Update on the Budget Cuts – Eric Zorn speaks out
This is long post because there’s a CPS info sheet at the end. I think we’ve discussed many of these points, but it’s interesting to see how the budget issue is heating up in the media.
Raise You Hand’s Facebook page is tracking the individual schools’ budget cuts and posting about protests, etc if you want to follow them here:
ERIC ZORN COLUMN
Today, Eric Zorn, from the Tribune (who has 2 kids in CPS) wrote a column openly criticizing CPS for now sharing the school budgets and/or revealing the extent of the budget cuts.
His full column is here:
He finds it perturbing that CPS cannot make the budget information more transparent and alludes to what people may experience as being “jerked around” (my words, not his… but what he’s implying.)
From his column:
“And in some cases illusory. In our conversation later Tuesday, Carroll said, “By the time this process is over, the overall impact on classroom learning will be very minimal,” though she also noted that “there will be winners and losers” among the schools.
She said it would require too much staff time to post a complete, regularly updated list of those winners and losers given how often the internal numbers change.
Nonsense. The way they’re doing it now, keeping parents guessing and wondering if it’s time, at last, to move to the suburbs? Putting teachers and support personnel into professional limbo while moving money from column to column?
It’s crazy. “
LSC REJECTING BUDGETS
Also going on, a few schools are voting to reject their school’s budget. From Audobon’s LSC:
“Audubon’s LSC is one of several councils across the city who have also rejected their 2013-2013 budget, including Blaine, Kellogg, and Edgebrook.
After a careful examination and review of the CPS budget our decision was made with thoughtful consideration of what could be done with private funding. However, we have concluded that it is in the best interest of our students, staff, parents and community to reject this budget completely.”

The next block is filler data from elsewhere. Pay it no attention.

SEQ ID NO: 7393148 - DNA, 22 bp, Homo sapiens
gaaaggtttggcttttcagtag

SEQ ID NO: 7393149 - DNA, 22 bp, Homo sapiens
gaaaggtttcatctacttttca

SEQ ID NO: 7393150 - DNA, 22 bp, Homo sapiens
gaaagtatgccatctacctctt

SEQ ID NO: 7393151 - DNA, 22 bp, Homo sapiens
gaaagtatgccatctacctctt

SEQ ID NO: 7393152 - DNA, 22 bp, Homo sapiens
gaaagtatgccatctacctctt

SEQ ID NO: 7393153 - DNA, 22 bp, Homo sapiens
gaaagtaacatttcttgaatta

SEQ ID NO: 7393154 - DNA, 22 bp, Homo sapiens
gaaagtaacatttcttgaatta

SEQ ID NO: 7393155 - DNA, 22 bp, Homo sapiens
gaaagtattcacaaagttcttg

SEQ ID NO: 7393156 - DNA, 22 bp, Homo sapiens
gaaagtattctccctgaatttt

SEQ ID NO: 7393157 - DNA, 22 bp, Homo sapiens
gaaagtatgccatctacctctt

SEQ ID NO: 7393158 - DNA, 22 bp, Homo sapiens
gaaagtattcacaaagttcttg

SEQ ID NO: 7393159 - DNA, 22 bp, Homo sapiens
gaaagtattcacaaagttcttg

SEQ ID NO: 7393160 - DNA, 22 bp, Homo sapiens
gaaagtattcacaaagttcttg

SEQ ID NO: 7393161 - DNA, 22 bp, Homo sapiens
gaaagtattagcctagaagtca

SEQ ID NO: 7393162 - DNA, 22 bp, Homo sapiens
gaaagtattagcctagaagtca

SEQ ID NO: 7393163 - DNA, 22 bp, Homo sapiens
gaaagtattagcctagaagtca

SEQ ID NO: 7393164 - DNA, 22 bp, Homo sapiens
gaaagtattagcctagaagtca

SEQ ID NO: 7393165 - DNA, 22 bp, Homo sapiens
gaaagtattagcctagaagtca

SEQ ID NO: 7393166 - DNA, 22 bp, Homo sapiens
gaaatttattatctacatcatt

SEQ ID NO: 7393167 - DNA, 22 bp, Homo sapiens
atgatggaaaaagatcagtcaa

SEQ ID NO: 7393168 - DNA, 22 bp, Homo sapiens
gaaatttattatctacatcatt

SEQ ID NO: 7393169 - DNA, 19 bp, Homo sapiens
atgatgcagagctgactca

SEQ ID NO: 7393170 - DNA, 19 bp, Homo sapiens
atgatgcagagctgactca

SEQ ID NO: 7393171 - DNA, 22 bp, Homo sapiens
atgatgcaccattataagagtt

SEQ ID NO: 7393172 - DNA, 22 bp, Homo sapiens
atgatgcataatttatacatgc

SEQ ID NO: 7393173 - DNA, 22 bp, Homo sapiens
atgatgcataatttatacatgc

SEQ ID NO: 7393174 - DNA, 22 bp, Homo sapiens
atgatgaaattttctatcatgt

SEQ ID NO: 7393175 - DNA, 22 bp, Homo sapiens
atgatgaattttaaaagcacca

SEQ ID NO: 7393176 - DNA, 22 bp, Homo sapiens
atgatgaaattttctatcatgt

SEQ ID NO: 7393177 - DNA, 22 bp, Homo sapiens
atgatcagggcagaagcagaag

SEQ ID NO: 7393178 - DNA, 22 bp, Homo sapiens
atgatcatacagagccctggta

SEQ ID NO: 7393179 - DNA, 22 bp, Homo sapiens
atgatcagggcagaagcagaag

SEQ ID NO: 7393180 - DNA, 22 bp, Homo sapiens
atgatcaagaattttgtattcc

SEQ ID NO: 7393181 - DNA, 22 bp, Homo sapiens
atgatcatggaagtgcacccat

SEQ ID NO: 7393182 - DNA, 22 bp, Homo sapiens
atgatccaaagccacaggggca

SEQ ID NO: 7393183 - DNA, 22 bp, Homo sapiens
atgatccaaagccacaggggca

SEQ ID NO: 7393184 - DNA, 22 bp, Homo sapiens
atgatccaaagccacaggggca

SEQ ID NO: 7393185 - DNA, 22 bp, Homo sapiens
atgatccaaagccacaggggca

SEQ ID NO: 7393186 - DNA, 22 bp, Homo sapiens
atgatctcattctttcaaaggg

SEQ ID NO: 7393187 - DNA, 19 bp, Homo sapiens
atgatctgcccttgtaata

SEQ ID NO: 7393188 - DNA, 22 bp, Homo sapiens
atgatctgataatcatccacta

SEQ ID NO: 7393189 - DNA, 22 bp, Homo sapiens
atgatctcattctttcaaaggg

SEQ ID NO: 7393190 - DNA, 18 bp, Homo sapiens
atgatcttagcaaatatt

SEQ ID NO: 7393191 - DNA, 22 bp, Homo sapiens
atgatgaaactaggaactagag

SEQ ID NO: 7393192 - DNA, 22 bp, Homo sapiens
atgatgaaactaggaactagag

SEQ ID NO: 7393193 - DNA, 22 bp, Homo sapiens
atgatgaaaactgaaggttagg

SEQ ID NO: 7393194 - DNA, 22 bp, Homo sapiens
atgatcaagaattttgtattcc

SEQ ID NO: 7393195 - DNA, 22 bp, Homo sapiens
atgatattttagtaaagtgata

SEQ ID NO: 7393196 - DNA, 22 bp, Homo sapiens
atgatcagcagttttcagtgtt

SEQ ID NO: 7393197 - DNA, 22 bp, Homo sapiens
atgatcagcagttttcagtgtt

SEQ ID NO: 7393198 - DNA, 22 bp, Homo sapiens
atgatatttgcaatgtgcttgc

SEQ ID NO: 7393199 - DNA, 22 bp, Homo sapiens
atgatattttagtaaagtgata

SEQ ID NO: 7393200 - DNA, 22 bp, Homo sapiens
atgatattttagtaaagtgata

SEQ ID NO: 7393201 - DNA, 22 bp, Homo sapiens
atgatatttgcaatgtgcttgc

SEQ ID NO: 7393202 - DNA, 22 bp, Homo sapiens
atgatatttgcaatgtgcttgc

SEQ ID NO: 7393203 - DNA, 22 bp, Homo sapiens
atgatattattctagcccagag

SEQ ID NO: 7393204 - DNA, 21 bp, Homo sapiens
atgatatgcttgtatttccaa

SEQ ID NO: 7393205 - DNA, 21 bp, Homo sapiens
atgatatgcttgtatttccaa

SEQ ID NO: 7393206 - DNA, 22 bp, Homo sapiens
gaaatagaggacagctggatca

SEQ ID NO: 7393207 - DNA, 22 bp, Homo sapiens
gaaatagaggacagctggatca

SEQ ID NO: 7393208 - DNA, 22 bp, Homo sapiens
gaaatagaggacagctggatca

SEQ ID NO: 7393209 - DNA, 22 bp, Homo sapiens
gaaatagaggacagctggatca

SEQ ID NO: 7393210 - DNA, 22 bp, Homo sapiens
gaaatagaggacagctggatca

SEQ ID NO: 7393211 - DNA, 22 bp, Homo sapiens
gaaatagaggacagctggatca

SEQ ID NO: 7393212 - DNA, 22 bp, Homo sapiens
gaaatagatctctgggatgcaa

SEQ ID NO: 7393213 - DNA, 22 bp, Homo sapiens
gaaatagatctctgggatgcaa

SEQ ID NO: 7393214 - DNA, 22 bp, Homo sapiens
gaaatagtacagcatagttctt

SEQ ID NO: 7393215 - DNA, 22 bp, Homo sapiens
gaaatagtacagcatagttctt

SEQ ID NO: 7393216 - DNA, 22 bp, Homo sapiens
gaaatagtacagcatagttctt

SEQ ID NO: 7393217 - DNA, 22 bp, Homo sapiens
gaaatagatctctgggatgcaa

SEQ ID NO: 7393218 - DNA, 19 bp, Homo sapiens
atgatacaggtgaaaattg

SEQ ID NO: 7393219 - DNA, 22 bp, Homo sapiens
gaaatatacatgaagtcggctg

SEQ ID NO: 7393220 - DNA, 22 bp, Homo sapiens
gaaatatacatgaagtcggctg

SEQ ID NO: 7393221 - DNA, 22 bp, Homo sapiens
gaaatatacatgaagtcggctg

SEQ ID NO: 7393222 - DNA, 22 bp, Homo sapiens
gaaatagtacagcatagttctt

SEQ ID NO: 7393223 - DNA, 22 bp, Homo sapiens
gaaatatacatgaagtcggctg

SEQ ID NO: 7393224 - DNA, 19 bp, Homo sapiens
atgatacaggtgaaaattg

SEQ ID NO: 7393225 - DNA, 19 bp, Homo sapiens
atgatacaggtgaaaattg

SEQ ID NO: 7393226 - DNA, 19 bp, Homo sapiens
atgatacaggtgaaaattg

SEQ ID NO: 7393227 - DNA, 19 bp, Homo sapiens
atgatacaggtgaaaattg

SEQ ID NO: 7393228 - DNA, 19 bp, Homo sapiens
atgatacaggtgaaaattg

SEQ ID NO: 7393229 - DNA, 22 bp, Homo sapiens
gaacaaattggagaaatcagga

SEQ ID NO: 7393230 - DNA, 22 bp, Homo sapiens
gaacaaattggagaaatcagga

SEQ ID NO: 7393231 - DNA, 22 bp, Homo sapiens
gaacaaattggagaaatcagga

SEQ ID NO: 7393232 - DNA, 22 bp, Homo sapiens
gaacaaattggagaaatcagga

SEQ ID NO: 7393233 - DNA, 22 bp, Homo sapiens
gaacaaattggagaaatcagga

CPS’ FACT CHECK ON BUDGETS
Simultaneously, I got this fact sheet from CPS this morning. I think we’ve seen many of these point made already, although I did notice that this mentions that LSCs cannot reject their budget, that the principal must come to an agreement with the LSC.
School-Based Budgeting Provides a Fair and Equitable Process to Fund All Schools
• Student Based Budgeting (SBB) represents 50% of every school’s budget and includes funding for all core education programming (such as the Full School Day or Full Day Kindergarten) and classroom positions. Funding is based on the number of students in each school. All schools are provided a per-pupil rate for every student based on their grade level and whether they are a high school or elementary school student. Most major Districts either use SBB or are moving to SBB as it provides a fair and equitable means to fund all their schools – no two schools are treated differently under SBB.
• SBB will give principals unprecedented control over how to spend core education dollars, allowing them to create their own education budgets and staffing plans in a way they believe will best meet the academic needs of their students.
• The remaining 50% of a school’s budget is made up of Supplemental General State Aid (SGSA), Title I programs, English Language Learners (ELL), Magnet, International Baccalaureate, Bilingual, and STEM programs. It also consists of operations funding outside the classroom, including money for transportation, security and nutrition services. These funds are completely separate from SBB.
• All school-based budgets are currently draft and are not yet final. Some schools will see increases this year, while others will see decreases, which will be driven by enrollment, poverty levels, students with special needs, the District’s budget crisis and other several other factors.
• CPS is poised to use one-time funding available in our reserves, reductions in Central Office directed spending, and other sources to close the $1 billion deficit in order to keep cuts as far away from the classroom as possible. However, we will not be able to avoid reductions.
Additional $400 Million Pension Payment Driving CPS Deficit
• CPS faces a historic $1 billion in FY14, which is being driven by a new $400 million pension payment. During this past legislative session in Springfield, CPS worked tirelessly to pass meaningful pension reform which would save the district hundreds of millions of dollars in this upcoming fiscal year and give us the funding needed to prevent impacts on our schools.